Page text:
INTERVIEW: Actor, Sarah Podemski, Talks SyFy’s Resident Alien, Indigenous Representation and Totem Designs
As Indigenous representation continue to grow in movies and television, Sarah Podemski, an Anishinaabe/Ashkenazi actor, joins SyFy’s Resident Alien. Read more below about her role in the show as well as her own personal pursuits and goals as an actor.
Hi Sarah, thank you for taking the time to answer our questions! Tell us about SyFy’s comedy/drama series, Resident Alien. You play a character named Kayla, what kind of person is she and what role will play into the story?
This show is a mash up of comedy, sci-fi, heartfelt drama, and total insanity, it’s a real trip! The character I play, Kayla, is awesome! She is funny, and tough, a great mother, and a support for Asta at a pivotal point in the show.
Resident Alien’s premise is so funny and interesting, especially with Alan Tudyk playing the “resident alien”, Harry Vanderspeigle. What drew you to this unique series? What has been your favorite part about it?
I loved the way this role was written! It was written by an Indigenous writer named Tazbah Chavez, and she did such a beautiful job of creating a multi dimensional character. It’s very rare to find an Indigenous character written by Indigenous writers, unfortunately, so I was so happy to hear she was involved, and it made it that much more exciting to get the job! My favorite part of the whole show is the Indigenous representation. The show’s creator Chris Sheridan made it a priority to portray an Indigenous family, who are written with such love and care. It was so exciting to see on TV for the first time in a long time!
What is it like getting to play alongside actors like Alan Tudyk, Sara Tomko and the rest of the cast members?
Everyone on the show is incredibly talented, and it was a lot of fun to go to work everyday, and laugh, and see what would come out of the performances! So many moments were unscripted, or improvised, and it was always exciting to see what would happen!
When did you know you wanted to become an actor? What inspired you to pursue it as a career?
I went to an audition with my sister when I was 12, and they were actually looking for a young actor to play the role my sister was auditioning for but 5 years younger! We both got the role, and it was my first experience on set, and I loved it! I took some time off to go to high school, and enjoy being a teenager, and when I came back to it in my early 20’s, I realized it was more than just acting, I wanted to make sure I was representing Indigenous characters, and stories. It became a great platform to amplify Indigenous voices, and share our authentic narratives through film and television!
Do you have any goals in your acting career, or a dream project you would like to go after one day?
I have been producing recently, and I absolutely love it. I love experiencing the building blocks of a production, and being on the other side, and seeing how important every single step is. It’s unfortunate society only recognizes the performers, because there are such incredible people behind the projects, building these stories and worlds for us, it’s a truly collaborative process and I would love to continue producing projects with a focus on Indigenous narratives!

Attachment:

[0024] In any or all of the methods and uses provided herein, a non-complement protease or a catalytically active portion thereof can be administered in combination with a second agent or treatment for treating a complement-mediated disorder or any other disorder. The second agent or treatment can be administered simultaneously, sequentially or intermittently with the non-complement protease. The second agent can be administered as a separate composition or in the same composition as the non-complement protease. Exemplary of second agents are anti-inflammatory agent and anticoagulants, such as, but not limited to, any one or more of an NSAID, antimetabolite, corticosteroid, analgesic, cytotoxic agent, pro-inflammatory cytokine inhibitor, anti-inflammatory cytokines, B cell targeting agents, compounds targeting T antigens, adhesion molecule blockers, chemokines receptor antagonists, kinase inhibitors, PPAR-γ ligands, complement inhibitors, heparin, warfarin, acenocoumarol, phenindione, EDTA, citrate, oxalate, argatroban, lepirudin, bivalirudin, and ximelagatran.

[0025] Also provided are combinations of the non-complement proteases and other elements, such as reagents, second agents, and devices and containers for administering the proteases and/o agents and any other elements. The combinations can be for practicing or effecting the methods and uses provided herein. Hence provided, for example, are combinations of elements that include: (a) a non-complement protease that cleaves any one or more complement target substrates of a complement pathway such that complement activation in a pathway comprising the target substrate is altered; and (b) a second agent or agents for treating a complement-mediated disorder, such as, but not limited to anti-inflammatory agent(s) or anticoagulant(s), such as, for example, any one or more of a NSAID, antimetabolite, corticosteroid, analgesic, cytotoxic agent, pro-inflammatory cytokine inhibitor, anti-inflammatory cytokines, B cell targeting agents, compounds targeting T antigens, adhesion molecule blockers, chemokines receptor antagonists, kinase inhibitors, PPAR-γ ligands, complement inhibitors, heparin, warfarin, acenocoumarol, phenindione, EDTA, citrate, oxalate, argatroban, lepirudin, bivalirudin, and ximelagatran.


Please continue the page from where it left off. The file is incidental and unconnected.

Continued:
There has been a growing community of Indigenous creators within the movie and television industry and more and more are able to tell their stories on screen. For you personally, what do you hope to represent as an artist in mainstream media?
It’s a really exciting time for our community! My biggest hope is that we get a chance to share our unique perspective with a larger audience, and we get to be hired on projects that want to include us rather than exploit our stories. We have a saying, No stories about us, without us. That’s my hope for the future. More inclusion, and more stories where we get to just be us. A regular family, or doctors or lawyers, or a romantic love story. It’s important for us to address issues facing the Indigenous community, and use this platform to amplify these issues, but it’s also important for us to play everyday characters with everyday problems!
You have your own business called Totem Designs. Can you tell us about it and why you started it? Where can people find your creations?
It came out of me seeing so many non-Inidgenous artists appropriating our culture, and I decided to stop complaining and do something about it! So I started making dreamcatchers! They have a modern twist, and I use semi precious stones for healing. I just launched my website, and the response has been great. I find so much joy in it, and it’s such a nice meditative practice for me to have for myself. Being an actor, I am very much at the mercy of people’s decisions, and having a business of my own where I can be creative in any way I like, makes it easier to balance the negatives of not so lovely parts of being an actor! www.totemdesigns.ca and on Instagram @_totem_designs_
Lastly, if you had to pick one superpower and become a superhero, which would it be and why?
Love Spreader! We need so much love right now, this world is dealing with a lot of trauma, and it needs some healing and lots of love. Maybe like a special wand where I can point to someone, and they will be showered with love, and an amazing costume of course!